11.08.2012 09:31 AM
Not Holding My Breath
4K was all the rage at NAB and IBC this year and why not?
Tom Butts
4K was all the rage at NAB and IBC this year and why not? As the industry looks to the future, it seems to have dropped 3D like a hot potato and is hitching its star to the next generation in resolution (on OLED, of course).

Last month, the first UHDTVs hit the market. For a cool $20 grand, you too can be the first on your block to own an 84-inch LG behemoth. Never mind the fact that there is virtually no content that can take advantage of 4K resolution but that’s not stopping the industry from marketing them (it didn’t stop them over a dozen years ago either.)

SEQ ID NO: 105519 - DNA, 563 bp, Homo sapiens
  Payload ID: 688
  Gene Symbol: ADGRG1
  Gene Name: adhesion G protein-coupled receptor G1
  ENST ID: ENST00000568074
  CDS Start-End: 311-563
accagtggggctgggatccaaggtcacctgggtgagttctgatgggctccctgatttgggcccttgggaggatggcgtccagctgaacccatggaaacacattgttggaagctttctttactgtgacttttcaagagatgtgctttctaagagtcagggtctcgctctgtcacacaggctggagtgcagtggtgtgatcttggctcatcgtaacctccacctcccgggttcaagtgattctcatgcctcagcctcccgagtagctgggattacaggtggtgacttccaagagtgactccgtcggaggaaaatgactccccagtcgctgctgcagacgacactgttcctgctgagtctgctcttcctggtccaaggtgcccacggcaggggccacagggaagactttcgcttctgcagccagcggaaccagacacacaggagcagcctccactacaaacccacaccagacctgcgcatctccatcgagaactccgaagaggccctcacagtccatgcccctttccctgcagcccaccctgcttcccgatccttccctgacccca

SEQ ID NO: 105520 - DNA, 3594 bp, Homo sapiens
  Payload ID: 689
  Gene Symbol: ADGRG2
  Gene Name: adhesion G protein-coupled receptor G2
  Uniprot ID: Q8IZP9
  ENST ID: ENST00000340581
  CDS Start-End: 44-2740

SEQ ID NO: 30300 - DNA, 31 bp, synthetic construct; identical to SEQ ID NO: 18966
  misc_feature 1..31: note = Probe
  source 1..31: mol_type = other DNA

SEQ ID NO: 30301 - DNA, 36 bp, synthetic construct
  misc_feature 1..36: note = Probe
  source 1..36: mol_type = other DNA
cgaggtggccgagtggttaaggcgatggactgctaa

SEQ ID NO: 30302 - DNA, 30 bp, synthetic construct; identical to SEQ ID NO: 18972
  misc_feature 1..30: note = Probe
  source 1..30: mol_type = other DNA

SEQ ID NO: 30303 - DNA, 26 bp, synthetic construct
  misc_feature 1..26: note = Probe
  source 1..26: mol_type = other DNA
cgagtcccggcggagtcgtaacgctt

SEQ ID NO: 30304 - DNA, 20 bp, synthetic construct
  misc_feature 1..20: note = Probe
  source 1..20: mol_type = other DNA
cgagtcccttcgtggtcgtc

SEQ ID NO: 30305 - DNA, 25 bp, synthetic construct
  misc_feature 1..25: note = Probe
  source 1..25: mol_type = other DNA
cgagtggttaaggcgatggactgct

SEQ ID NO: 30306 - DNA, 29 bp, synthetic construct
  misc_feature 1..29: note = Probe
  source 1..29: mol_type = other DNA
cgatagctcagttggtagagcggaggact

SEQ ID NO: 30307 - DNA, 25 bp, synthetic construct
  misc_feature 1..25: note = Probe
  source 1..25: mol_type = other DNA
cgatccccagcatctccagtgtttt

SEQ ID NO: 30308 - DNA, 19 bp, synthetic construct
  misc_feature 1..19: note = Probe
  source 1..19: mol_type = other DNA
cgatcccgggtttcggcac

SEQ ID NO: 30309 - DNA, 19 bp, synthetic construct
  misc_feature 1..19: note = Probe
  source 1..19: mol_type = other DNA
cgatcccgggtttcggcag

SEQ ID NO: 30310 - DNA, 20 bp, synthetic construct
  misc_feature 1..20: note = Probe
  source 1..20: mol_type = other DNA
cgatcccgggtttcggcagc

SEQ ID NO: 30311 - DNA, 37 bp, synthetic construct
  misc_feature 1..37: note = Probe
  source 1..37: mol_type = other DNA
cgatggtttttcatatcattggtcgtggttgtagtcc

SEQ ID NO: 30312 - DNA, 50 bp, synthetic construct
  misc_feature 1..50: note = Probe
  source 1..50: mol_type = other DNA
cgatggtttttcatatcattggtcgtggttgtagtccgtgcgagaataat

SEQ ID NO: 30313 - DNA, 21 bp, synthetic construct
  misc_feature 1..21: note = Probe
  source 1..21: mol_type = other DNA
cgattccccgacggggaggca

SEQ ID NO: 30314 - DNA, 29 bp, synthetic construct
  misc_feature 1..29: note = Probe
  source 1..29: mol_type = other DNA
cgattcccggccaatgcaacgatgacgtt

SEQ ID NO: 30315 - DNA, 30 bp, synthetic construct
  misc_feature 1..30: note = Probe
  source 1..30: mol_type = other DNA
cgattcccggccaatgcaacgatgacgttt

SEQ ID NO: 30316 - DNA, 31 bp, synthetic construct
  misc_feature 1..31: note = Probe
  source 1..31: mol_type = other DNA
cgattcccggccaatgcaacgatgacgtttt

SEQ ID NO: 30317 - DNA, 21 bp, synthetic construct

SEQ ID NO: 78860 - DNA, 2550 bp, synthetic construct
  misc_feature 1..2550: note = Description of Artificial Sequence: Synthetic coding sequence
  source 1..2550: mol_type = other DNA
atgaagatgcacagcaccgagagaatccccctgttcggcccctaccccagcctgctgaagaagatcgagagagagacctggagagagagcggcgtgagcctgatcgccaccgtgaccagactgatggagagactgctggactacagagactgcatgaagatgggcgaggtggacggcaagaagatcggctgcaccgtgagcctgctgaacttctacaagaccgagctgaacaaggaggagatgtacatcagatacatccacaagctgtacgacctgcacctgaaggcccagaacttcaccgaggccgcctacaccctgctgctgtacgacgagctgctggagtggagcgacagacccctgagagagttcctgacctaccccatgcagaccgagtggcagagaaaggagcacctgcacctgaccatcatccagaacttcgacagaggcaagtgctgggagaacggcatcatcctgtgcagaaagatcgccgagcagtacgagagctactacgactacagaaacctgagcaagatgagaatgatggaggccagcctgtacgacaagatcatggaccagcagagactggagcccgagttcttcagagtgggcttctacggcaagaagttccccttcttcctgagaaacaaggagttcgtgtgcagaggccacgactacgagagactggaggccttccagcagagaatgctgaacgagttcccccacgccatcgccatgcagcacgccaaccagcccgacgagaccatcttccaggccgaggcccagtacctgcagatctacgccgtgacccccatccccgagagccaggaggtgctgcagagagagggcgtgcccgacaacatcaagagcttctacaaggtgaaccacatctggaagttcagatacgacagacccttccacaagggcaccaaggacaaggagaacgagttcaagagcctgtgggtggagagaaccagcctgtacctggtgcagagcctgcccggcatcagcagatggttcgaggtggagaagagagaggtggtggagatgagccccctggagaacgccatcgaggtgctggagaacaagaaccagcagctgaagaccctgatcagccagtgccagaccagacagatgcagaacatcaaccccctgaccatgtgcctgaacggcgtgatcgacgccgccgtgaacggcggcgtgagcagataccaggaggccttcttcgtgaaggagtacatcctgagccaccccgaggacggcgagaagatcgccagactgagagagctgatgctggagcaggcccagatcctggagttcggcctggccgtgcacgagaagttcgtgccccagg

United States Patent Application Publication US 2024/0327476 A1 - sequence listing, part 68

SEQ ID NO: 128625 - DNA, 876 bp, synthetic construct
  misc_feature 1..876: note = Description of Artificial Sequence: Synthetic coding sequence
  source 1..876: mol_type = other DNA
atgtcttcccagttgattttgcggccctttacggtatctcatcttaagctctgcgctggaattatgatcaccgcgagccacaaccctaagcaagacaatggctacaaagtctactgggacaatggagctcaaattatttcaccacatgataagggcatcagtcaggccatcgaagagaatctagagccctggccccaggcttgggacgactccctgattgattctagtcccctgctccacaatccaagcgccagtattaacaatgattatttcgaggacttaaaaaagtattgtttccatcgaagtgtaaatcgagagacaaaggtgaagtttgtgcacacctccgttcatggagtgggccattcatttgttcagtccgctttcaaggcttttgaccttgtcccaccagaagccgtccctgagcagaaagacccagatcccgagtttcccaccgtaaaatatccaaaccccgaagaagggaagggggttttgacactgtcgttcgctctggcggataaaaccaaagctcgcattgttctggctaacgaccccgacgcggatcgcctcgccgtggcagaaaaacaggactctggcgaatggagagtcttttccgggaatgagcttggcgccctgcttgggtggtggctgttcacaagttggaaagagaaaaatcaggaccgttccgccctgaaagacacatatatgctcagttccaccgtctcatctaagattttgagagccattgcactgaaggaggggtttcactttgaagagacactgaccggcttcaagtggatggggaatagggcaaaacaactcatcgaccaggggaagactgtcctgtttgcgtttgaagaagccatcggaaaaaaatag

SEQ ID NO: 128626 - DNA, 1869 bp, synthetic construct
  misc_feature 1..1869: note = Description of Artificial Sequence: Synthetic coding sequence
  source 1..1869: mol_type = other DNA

According to a recent Nielsen study, HDTVs are now in more than 75 percent of American homes, but  only about 25 percent of content viewed is HD. Consumers have expressed their preference for sports and movies in HD but not much else.

Will things be different in a UHDTV world? Will the demand for quality high resolution content be the driving force? (as opposed to the form factor which seemed to drive HDTV sales). Will broadcasters and MVPDs respond with 4K channels? That’s yet to be determined, but one thing’s certain: until consumers are ready to build home theaters, 4K will be a nascent consumer product.

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The Best Deconstruction of a 4K Shoot You'll Ever Read
With higher resolutions and larger HD screens, wide shots using very wide lenses can be a problem because they allow viewers to see that infinity doesn’t quite resolve into perfect sharpness.

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